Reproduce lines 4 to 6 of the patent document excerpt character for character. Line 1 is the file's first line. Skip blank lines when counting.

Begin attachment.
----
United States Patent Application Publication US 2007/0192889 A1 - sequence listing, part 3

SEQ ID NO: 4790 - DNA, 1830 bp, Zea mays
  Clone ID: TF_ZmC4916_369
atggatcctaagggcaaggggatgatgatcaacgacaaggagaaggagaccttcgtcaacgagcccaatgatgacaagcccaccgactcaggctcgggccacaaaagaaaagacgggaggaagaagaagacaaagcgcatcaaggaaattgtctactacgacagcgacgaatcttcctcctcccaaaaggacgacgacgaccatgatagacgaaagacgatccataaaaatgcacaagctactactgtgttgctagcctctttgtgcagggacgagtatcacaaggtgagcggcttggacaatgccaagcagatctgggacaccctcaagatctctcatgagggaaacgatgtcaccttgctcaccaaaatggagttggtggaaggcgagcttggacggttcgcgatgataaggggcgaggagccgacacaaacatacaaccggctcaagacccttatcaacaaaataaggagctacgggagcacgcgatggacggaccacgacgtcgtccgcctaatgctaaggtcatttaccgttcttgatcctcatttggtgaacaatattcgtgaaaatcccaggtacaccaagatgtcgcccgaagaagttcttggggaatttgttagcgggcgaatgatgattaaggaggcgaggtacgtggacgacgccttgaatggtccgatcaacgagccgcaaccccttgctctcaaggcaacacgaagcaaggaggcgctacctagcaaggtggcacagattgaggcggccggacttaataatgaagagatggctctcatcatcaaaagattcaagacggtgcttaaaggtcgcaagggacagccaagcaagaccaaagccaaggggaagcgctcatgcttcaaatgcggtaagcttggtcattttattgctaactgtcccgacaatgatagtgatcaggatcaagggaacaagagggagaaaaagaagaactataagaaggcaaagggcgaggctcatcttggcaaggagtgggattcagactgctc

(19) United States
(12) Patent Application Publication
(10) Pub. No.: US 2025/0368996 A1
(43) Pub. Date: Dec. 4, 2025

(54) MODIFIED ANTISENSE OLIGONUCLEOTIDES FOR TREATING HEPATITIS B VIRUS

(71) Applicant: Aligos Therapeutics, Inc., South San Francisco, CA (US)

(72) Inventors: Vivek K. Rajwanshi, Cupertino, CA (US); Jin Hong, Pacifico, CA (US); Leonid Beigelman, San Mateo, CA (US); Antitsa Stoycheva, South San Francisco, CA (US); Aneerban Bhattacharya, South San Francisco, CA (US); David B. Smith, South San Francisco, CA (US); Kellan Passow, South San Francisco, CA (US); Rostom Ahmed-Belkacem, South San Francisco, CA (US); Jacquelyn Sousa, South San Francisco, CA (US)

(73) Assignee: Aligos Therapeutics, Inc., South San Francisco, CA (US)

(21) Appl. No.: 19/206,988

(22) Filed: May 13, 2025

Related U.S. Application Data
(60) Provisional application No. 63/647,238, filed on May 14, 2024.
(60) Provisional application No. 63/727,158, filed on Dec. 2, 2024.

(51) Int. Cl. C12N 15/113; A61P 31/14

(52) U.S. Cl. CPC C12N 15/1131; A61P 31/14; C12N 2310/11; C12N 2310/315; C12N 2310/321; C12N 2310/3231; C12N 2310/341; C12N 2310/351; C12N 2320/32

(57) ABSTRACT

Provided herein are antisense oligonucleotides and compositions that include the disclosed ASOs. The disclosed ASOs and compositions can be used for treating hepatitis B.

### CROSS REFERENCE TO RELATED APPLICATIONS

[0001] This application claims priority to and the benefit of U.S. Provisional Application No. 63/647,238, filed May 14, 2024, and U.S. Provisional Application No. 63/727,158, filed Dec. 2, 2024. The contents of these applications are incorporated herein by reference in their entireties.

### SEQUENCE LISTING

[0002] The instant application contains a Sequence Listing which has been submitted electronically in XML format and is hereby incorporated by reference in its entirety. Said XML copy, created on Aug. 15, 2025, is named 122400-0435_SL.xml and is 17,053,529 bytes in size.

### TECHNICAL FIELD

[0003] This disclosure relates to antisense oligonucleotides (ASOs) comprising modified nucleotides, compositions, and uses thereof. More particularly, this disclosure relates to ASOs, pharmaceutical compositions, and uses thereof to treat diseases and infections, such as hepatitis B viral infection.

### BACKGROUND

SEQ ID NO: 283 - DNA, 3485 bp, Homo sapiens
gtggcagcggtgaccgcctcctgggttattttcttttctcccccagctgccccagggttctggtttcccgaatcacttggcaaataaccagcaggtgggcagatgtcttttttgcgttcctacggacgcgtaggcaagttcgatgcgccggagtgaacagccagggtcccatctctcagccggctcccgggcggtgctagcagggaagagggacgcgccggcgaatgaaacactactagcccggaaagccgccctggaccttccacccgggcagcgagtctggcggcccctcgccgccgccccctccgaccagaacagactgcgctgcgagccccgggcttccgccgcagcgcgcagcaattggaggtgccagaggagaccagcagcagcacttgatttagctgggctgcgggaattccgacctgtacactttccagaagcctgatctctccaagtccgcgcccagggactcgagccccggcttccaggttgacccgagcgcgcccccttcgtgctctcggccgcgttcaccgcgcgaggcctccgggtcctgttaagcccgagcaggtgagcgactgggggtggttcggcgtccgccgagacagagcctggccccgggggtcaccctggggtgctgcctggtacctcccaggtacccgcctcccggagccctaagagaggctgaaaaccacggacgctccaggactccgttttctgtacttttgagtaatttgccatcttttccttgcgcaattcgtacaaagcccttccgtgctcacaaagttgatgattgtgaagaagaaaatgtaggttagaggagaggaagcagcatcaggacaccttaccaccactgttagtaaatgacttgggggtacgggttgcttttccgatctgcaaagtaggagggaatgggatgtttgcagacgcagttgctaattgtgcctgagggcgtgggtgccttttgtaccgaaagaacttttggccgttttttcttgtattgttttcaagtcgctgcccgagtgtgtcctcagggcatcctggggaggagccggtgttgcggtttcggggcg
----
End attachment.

atggatcctaagggcaaggggatgatgatcaacgacaaggagaaggagaccttcgtcaacgagcccaatgatgacaagcccaccgactcaggctcgggccacaaaagaaaagacgggaggaagaagaagacaaagcgcatcaaggaaattgtctactacgacagcgacgaatcttcctcctcccaaaaggacgacgacgaccatgatagacgaaagacgatccataaaaatgcacaagctactactgtgttgctagcctctttgtgcagggacgagtatcacaaggtgagcggcttggacaatgccaagcagatctgggacaccctcaagatctctcatgagggaaacgatgtcaccttgctcaccaaaatggagttggtggaaggcgagcttggacggttcgcgatgataaggggcgaggagccgacacaaacatacaaccggctcaagacccttatcaacaaaataaggagctacgggagcacgcgatggacggaccacgacgtcgtccgcctaatgctaaggtcatttaccgttcttgatcctcatttggtgaacaatattcgtgaaaatcccaggtacaccaagatgtcgcccgaagaagttcttggggaatttgttagcgggcgaatgatgattaaggaggcgaggtacgtggacgacgccttgaatggtccgatcaacgagccgcaaccccttgctctcaaggcaacacgaagcaaggaggcgctacctagcaaggtggcacagattgaggcggccggacttaataatgaagagatggctctcatcatcaaaagattcaagacggtgcttaaaggtcgcaagggacagccaagcaagaccaaagccaaggggaagcgctcatgcttcaaatgcggtaagcttggtcattttattgctaactgtcccgacaatgatagtgatcaggatcaagggaacaagagggagaaaaagaagaactataagaaggcaaagggcgaggctcatcttggcaaggagtgggattcagactgctc

(19) United States
(12) Patent Application Publication